Pinocchio has been a stalwart of the Disney library for many years When You Wish Upon a Star is a song that Disney is synonymous with. Ever since the original all those years ago there have been a few other incarnations of this classic tale of a little wooden boy who wants to be real and his father who wanted a son. Disney even made a live-action version earlier this year. Starring Tom Hanks as Geppetto. Another version of this story has been created this year for Netflix by Academy Award Winning director Guillermo Del Toro. This version is completely different from the others. It’s a stop-motion marvel that is a genuine masterpiece of filmmaking by a true auteur filmmaker.
Geppetto (David Bradley) is an old man who has a good life in Italy on the brink of WWII. Until his son is killed in a church by a bomb released by a fighter jet. Distraught, he cuts down a big pine tree on the outskirts of town and he makes a little wooden boy. He wishes that he can have a son again. So a wood sprite (Tilda Swinton) comes in the middle of the night while he’s asleep and grants his wish and brings the little wooden boy to life. While all this is going on a little cricket (Ewan McGregor) who lives in the boy has to become a conscience for little Pinocchio (Gregory Mann). Which he is named after the wood sprite gives him life.
Like the classic Disney film from 1940 Pinocchio goes on adventures and comes under the tutelage of a man who runs a carnival show. In this case, it’s Count Volpe (Christophe Waltz) He has altier motives for taking this boy under his wing. But first Pinocchio must go to school to learn mathematics and reading as decreed by Podesta (Ron Perlman) the town leader. Pinocchio needs some seasoning as a boy. He’s not into school though and runs off with the carnival showman and his monkey (Cate Blanchett) Despite what his conscience says.
This version of this classic tale is rooted in reality though as it is set in a world of war-torn Italy. Like a lot of Del Toro’s fantasy films, this one has a little reality mixed into the story. Like Pan’s Labyrinth has a subplot of the Spanish Civil War mixed in with its magical story. The realistic storyline helps make the story much more filled with gravity. It is a weight on the film. Which makes the decisions of this little boy and his father more serious. This version of the classic tale plays on more important subject matter than the other hand-drawn films. Which makes it a better movie overall.
This is the first animated film by acclaimed director Del Toro, but he does his usual preparation with it like he has done his entire career. He prepares by doing drawings and artist renditions of the world and the characters he is creating. This stop-motion animation is some of the best I have ever seen. This year acclaimed director Henry Selick made another stop-motion film for Netflix Wendell and Wild which is garnering a lot of awards consideration. What Del Toro does with Pinocchio tops that achievement. This animation mixes visual effects and stop motion and they are seamless. I couldn’t tell a difference between where one stopped and the other began. The characters looked great as well having been designed by Del Toro himself.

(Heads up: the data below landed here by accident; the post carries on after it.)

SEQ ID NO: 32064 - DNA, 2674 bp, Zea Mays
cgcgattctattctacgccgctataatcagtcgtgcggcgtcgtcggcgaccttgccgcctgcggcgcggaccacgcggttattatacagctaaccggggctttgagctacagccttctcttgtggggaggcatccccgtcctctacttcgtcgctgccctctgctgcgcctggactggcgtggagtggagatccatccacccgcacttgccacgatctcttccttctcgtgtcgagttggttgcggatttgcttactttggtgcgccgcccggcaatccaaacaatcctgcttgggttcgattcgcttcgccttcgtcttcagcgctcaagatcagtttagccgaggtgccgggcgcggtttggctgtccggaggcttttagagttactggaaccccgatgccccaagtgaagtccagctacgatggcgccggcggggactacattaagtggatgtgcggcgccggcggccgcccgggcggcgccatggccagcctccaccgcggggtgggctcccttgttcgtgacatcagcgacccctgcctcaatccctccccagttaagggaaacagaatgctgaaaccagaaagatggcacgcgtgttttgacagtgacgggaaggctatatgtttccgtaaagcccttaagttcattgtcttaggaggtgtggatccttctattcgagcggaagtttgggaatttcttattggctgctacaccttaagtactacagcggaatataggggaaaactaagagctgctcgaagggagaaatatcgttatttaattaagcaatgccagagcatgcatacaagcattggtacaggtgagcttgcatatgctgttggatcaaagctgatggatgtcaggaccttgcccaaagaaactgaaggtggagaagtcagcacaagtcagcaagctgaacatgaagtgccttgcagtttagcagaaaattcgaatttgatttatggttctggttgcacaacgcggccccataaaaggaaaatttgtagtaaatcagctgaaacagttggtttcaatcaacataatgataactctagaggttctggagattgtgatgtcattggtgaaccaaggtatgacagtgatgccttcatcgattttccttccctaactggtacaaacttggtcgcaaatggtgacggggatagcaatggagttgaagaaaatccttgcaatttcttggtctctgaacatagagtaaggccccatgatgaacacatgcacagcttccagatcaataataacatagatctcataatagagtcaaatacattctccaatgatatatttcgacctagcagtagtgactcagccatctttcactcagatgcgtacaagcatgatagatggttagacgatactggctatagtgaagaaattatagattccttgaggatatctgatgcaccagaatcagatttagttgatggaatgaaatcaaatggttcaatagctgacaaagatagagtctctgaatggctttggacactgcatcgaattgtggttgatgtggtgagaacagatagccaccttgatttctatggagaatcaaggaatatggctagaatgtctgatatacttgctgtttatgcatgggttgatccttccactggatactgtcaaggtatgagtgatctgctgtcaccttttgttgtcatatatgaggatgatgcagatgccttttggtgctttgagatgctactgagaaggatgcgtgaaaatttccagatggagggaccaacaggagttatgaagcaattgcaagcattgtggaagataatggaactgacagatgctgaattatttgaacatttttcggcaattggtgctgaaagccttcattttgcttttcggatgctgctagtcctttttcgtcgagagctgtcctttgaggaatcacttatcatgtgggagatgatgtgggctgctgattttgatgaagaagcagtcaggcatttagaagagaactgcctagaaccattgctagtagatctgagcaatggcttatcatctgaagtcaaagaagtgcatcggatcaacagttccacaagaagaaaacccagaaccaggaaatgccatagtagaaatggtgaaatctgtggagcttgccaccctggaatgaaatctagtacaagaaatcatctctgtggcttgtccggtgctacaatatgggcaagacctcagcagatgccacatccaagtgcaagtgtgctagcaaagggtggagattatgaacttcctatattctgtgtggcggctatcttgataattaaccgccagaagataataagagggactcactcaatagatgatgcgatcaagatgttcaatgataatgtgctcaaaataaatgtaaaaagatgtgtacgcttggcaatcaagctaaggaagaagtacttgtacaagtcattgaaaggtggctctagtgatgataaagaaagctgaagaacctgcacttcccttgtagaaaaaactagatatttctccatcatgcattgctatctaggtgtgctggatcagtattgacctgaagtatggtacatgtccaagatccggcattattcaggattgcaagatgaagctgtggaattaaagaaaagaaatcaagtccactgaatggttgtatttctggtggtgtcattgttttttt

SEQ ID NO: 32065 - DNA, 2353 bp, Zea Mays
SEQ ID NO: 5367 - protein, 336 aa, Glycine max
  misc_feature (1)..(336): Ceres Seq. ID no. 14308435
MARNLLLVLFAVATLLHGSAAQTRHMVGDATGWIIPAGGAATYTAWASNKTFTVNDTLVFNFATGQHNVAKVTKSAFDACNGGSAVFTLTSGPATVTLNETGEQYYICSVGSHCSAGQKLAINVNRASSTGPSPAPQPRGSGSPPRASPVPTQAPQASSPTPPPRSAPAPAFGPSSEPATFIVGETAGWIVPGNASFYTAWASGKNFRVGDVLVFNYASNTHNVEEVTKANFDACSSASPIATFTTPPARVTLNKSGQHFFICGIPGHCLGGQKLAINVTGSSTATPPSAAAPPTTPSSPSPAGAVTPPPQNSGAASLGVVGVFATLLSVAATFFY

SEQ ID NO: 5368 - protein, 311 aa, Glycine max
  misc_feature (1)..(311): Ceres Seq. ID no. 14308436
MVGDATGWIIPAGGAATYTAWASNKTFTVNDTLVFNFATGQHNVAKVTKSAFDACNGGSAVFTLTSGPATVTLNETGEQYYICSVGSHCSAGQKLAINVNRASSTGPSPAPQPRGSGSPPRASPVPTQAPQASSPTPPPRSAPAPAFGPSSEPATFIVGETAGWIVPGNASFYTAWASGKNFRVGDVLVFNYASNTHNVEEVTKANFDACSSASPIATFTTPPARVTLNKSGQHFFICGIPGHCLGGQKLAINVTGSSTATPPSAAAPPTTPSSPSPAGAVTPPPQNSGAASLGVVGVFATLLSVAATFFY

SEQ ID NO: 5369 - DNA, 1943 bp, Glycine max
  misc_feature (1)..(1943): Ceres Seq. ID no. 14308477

Like a lot of animated shows, this one has a few musical numbers. One, in particular, is Farewell Papa when Pinocchio leaves his father and goes to work for Waltz’s character full time. It’s a very emotional song that pulls on the heartstrings, no pun intended. The musical numbers mix well with the dramatic sequences involving Pinocchio’s father, the wood sprite, Podesta, and other scenes. This movie has a nice mix of serious scenes and lighter more comedic moments. Kids and adults should be able to enjoy this new version of this classic tale. Pinocchio has a lot to learn from everything he goes through. Musical or otherwise.
Guillermo Del Toro’s Pinocchio combines a lot of elements together to create a genuine masterpiece of cinema. The realistic aspects involving WWII are woven into the story very nicely. They show a genuine life-or-death scenario. The main story which is the classic tale of a wooden boy who wants to be real is equally effective in garnering a reaction from viewers watching at home on Netflix or during its qualifying run in theaters. The stop-motion animation is some of the best I’ve ever seen. And the voiceover work by Mann, Bradley, Waltz, Swinton, and Perlman is first-rate. This version of this legendary story even has a great song, Farewell Papa, and a score to go along with it by Alexandre Desplat. Pinocchio is a genuine masterpiece of filmmaking by anyone’s standards and it should be received as such. This is one of the best films of the year, animated or otherwise.
Dan Skip Allen